“The fact that they’re in athletics is what piques their interest,” she said. “We have a lot of bio[logy] majors, so they’re always interested in the mechanics of how injuries happen.”

If a serious injury occurs, there’s a plan in place to get the athlete to a hospital, and a protocol to help them recover, from the onset — both physically and mentally.

“The biggest thing is reassuring them that they’re not done for life,” she said. “Every one of our athletes has come back, to some degree of where they were, if not better. When those athletes do come back, I’m the first one there to watch them go.”

A little prevention now can avoid a lot of pain later

On a recent Wednesday afternoon, amid the din of younger students shooting baskets, kicking soccer balls and throwing a football in a gymnasium at The Calverton School near Huntingtown, high school athletes crowded into a small room with Stacie Rector to have ankles taped, legs massaged and a knee treated with electrical stimulation.

Rector, a 26-year-old Dunkirk resident originally from Montgomery County, was tending to the group before the kids went out to play soccer, field hockey or golf, or run cross-country. She asked one student who overdid it during the first day of soccer practice if she had been icing down her thigh injury, as the trainer applied ultrasound with a freezing lotion.

Rector uses electrical stimulation to reduce pain and ultrasound to promote healing of strained muscles.

Rector became certified as an athletic trainer three years ago, graduating with a degree in that field, and now is licensed like her peers throughout Maryland with an orthopedic physician. In her case, that’s a doctor in Anne Arundel County who is just a phone call away.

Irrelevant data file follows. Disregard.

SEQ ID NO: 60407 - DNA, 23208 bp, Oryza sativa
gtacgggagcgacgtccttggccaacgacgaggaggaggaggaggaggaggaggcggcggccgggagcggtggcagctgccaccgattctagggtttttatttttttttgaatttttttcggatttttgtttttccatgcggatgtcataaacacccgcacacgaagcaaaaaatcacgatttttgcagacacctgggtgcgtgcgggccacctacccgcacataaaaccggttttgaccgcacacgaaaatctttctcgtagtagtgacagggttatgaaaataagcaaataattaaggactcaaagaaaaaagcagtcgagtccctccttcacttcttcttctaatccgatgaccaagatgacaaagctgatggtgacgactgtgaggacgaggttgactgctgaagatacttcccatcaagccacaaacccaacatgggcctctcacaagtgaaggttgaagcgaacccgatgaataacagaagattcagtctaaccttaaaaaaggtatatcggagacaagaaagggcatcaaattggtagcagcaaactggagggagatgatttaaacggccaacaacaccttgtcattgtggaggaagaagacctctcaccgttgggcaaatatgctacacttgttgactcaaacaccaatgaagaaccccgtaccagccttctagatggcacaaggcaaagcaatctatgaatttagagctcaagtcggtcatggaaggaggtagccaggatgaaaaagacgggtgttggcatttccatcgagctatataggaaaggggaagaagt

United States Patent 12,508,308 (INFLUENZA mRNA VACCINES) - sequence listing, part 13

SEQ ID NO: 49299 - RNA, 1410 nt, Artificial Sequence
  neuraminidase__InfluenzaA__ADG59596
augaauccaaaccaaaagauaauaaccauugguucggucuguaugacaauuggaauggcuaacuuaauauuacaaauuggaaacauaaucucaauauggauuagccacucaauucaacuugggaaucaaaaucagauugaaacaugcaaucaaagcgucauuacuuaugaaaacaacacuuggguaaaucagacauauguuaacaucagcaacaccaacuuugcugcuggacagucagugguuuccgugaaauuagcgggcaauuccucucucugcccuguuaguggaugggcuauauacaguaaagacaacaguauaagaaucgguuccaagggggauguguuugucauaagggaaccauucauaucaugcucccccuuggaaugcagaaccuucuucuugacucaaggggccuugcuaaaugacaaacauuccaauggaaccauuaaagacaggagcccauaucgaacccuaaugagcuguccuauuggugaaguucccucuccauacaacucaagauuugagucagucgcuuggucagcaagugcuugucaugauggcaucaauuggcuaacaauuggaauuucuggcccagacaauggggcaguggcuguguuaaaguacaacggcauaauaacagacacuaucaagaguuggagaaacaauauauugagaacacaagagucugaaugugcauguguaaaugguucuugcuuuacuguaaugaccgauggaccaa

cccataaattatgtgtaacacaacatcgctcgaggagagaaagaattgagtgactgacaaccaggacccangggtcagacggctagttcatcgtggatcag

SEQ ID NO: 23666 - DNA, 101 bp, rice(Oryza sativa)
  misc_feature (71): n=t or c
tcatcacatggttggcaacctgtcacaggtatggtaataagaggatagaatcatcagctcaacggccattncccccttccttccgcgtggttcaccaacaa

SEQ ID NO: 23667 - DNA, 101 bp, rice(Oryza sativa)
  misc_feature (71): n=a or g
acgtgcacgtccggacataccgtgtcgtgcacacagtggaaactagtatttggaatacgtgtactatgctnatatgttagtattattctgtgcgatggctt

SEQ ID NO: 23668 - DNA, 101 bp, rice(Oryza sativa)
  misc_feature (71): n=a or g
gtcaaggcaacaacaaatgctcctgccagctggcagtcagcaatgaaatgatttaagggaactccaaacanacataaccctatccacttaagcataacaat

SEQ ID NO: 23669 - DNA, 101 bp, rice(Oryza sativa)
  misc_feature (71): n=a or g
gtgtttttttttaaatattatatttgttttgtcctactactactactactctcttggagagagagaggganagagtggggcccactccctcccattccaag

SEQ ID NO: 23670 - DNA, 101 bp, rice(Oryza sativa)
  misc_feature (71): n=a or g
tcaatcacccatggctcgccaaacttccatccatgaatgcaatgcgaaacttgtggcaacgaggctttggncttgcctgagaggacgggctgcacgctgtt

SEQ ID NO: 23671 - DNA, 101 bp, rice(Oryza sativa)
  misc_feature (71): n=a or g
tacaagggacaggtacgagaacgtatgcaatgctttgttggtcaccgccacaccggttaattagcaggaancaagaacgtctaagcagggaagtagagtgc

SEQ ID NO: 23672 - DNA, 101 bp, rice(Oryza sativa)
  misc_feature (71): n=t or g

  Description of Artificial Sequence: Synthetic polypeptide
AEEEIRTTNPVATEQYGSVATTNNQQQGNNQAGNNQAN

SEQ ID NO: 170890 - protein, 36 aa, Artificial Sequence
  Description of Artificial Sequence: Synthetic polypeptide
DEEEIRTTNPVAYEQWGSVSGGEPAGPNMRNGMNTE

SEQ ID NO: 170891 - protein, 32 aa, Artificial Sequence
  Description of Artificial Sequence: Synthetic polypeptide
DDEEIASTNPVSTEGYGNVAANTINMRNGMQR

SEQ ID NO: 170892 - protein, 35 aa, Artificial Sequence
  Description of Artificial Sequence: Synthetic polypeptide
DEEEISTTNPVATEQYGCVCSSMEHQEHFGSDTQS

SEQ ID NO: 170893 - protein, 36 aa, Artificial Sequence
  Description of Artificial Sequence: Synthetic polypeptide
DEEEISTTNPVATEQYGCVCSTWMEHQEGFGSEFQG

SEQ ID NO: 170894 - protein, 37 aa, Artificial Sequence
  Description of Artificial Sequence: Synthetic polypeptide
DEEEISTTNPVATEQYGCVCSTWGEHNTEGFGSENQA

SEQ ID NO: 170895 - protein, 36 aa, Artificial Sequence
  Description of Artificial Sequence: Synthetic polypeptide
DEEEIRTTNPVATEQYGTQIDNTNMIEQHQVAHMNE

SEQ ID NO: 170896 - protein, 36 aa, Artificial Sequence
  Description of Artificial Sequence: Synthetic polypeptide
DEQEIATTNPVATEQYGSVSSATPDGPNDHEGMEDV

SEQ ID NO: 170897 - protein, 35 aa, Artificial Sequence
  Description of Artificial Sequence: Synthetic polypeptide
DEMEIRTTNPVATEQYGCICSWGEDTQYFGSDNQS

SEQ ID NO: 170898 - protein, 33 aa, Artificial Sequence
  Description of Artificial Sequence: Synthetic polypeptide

“They take the responsibility of making sure that we are up to date,” Rector said after her pre-practice treatments were completed. “We send our athletes to [the doctor] to be evaluated if they need more medical treatment. Or I can send them pictures and videos if I have a question.”

While attending Towson University, Rector had an internship with another university’s football and men’s lacrosse teams, plus a high school rotation with a school’s football team, where she met trainer Lori Bristow. “She’s my mentor,” Rector said.

Rector was hired through a sports-care rehab and physical therapy firm in Anne Arundel County to work at a school in that county before arriving a year ago at Calverton, where she is a full-time physical education teacher, an interim co-athletic director and the school’s first head athletic trainer.

“I’m here all day, and I don’t leave until all the athletes are finished,” she said. “That can be 6 o’clock. That can be 10 o’clock. It just depends on which sports are in season.”

Rector also serves as the athletic trainer for the Hogan lacrosse tournaments held throughout the year in Anne Arundel and Queen Anne’s counties.

Her own athletic participation in high school in Montgomery County included setting records in diving, competing as a junior Olympic gymnast and winning national titles at 16 in 2003 in trampoline and tumbling. It also gave her first-hand knowledge of what can happen.

“I’ve had surgeries, and that’s what made me want to be an athletic trainer,” Rector said. “I was always injured from gymnastics. I had knee surgeries. I had back injuries, ... wrist and ankle injuries. I was pretty much injured all the time. That’s why I chose to do sports medicine, and not continue on with athletics.”

For Rector, it’s a job of responding to trouble, but also helping to prevent it.

“If 911 needs to be called, I’m the one who makes that call,” she said, but most of her communications are with the athletes, right from the beginning of a sports season.

Rector does “baseline testing” on all athletes to measure their cognitive function, so if they do suffer a possible concussion, she knows what their normal level is even before they go through a graduated series of evaluations toward recovery and a return to play.